Financial Success in Mental Health Practice: Essential Tools and Strategies for Practitioners
For individuals in the U.S. & U.S. territories
In this volume, authors Walfish and Barnett provide a comprehensive toolkit for practitioners to develop their business acumen and fully complement their extensive clinical training. Without question, top-notch clinical expertise in addition to sound business practices are the winning combination for long-term success.
Financial Success in Mental Health Practice shows readers how to market their practice, ensure its profitability, provide quality client service delivery, manage office overhead, implement effective accounting practices, handle commercial taxes and business expenses, navigate insurance claims and reimbursements, and plan for retirement. Written in an accessible and engaging style, this volume is packed with sample forms, letters, and question lists and also includes fee schedules, key principles of private practice, and interviews with highly successful entrepreneurs and executive managers.
This complete resource will equip the early career or seasoned clinician with the tools and strategies needed for a rewarding and fruitful career.
Principles of Private Practice
I. Mental Health Professionals' Attitudes Towards Money and Business
- The Mindset of the Psychotherapist: Being a Caring Professional and Earning a Living Are Not Mutually Exclusive
- You Are a Small-Business Owner: Think Like an Entrepreneur
- Customer Service and Competence: The Keys to Financial Success in Independent Practice
II. Nuts and Bolts of the Finances of Practice
- Models of Independent Practice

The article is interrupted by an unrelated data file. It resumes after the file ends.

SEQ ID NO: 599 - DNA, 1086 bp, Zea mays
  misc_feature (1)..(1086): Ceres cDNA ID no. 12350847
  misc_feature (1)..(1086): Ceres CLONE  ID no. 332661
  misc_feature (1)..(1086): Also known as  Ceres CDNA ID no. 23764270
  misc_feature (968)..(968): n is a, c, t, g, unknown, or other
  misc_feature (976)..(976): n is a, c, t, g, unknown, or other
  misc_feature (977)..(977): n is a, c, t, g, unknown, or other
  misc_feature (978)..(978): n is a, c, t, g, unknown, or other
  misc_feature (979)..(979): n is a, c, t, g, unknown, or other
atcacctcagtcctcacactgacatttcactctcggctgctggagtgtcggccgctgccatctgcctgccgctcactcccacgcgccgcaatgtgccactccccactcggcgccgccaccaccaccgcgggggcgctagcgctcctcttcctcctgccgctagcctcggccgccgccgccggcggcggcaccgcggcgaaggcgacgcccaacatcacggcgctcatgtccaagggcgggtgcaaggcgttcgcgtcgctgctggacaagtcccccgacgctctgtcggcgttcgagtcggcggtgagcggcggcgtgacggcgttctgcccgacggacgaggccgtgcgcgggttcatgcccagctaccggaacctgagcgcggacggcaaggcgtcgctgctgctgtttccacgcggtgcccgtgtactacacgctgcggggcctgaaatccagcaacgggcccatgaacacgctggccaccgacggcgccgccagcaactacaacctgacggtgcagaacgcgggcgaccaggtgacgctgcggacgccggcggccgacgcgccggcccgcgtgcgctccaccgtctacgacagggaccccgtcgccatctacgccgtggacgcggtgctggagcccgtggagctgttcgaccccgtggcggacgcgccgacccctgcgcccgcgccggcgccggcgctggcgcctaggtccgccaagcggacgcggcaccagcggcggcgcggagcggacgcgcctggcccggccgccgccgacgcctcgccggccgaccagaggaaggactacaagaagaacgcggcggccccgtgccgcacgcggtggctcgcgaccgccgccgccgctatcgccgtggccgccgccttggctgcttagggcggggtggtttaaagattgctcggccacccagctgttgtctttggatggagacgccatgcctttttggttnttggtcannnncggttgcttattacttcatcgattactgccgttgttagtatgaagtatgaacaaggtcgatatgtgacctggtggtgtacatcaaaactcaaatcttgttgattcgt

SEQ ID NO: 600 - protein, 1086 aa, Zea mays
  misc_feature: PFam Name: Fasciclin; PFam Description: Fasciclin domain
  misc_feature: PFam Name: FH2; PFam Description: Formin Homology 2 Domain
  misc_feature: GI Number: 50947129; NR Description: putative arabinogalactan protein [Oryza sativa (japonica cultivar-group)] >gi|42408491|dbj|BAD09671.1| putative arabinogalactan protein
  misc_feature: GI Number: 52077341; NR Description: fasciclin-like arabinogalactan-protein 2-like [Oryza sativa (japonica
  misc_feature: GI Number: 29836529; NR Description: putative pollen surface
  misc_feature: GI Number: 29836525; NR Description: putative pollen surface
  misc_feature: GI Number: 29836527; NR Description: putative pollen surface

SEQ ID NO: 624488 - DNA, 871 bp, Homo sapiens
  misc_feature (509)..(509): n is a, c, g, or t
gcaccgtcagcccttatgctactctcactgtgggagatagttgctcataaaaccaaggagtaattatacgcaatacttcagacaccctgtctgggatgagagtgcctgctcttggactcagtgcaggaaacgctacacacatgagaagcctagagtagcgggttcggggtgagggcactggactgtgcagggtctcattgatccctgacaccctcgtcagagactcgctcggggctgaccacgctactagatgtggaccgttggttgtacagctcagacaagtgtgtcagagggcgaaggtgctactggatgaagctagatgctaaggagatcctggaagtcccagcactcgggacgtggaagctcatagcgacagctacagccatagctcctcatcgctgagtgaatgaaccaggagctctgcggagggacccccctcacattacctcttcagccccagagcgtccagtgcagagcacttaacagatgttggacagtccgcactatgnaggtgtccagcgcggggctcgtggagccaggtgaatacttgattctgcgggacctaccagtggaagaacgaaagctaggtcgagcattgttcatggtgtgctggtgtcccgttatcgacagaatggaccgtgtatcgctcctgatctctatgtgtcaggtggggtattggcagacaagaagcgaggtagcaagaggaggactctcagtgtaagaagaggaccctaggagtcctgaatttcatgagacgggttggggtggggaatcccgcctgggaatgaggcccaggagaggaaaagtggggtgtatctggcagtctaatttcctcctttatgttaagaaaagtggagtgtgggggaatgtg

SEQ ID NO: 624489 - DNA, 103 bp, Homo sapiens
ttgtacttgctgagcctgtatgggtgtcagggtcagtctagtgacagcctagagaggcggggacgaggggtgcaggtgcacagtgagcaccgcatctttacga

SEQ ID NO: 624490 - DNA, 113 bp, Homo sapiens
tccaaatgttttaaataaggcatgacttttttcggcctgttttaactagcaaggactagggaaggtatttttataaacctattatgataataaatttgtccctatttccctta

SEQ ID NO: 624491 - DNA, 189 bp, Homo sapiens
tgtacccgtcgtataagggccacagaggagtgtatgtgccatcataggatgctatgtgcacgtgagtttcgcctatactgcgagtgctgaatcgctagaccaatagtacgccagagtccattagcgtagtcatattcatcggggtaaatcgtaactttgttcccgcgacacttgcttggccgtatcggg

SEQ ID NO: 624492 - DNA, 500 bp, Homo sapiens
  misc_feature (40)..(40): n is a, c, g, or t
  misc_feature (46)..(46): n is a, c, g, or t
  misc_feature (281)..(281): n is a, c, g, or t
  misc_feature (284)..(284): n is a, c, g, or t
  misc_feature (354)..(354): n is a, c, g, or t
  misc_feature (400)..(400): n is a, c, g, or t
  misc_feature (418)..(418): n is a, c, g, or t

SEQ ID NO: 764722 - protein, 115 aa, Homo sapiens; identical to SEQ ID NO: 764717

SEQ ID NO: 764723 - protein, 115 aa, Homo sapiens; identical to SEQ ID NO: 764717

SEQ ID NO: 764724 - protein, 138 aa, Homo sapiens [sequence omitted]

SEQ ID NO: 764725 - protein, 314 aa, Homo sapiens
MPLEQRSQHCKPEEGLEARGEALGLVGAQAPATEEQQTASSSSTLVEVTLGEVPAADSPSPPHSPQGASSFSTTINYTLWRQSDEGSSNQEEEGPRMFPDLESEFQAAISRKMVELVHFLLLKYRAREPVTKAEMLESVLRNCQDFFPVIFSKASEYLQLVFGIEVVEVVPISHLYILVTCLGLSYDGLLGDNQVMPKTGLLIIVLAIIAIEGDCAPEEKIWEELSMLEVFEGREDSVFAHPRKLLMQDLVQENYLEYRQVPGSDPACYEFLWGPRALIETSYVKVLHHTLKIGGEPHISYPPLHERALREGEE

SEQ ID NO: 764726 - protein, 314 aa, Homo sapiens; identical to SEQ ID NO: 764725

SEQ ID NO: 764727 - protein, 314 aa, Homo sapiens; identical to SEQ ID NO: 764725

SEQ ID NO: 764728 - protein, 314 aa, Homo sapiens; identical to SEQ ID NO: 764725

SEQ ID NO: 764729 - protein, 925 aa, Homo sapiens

- Office Overhead and Practice Expenses: You Have to Spend Money to Make Money
- Loss Prevention: Increasing the Likelihood You Get Paid by Clients and Insurance Carriers
- Understanding Basic Accounting and Taxes
- Understanding the Insurance Needs and Options of the Independent Practitioner
III. Building Your Practice
- To Managed Care or Not to Managed Care: That Is the Question
- How Independent Practitioners Earn Money
IV. Building A Retirement
- Attending to Your Finances:"What Do You Mean I Don't Get a Pension?"
- Closing Your Practice: Financial Implications and Options
About the Authors
Steven Walfish, PhD, is a licensed psychologist in independent practice in Atlanta, Georgia. He is the associate editor of the Independent Practitioner and has served on the editorial boards of several journals. He has published in the areas of substance abuse, weight loss surgery, and professional training and practice.
He received the APA Division of Consulting Psychology Award for Outstanding Research in Consulting Psychology and the Walter Barton Award for Outstanding Research in Mental Health Administration from the American College of Mental Health Administration. His first book (co-edited with Allen Hess, 2001) was Succeeding in Graduate School: The Career Guide for Psychology Students.
He received his PhD in clinical/community psychology from the University of South Florida and has been a visiting professor at Kennesaw State University and Georgia State University. He is currently a clinical assistant professor in the Department of Psychiatry and Behavioral Sciences at Emory University School of Medicine.
Jeffrey E. Barnett, PsyD, ABPP, is a licensed psychologist in independent practice in Arnold, Maryland, and a professor on the affiliate faculty in the Department of Psychology at Loyola College in Maryland. He is a diplomate of the American Board of Professional Psychology in clinical psychology and in clinical child and adolescent psychology and is a Distinguished Practitioner in Psychology of the National Academies of Practice.
Dr. Barnett is a fellow of seven divisions of the APA and has served on the APA Ethics Committee. He is an associate editor of the journal Professional Psychology: Research and Practice and editor of its "Focus on Ethics" section. His recent book (coauthored with W. Brad Johnson, 2008), Ethics Desk Reference for Psychologists, is published by APA Books.
He is active in leadership positions in the profession of psychology and has served as president of the Maryland Psychological Association and three APA Divisions.
This book is worth the investment. I highly recommend it to any clinical social worker who is considering or already has a private practice.
—Mila Ruiz Tecala, DCSW, LICSW, Private Practice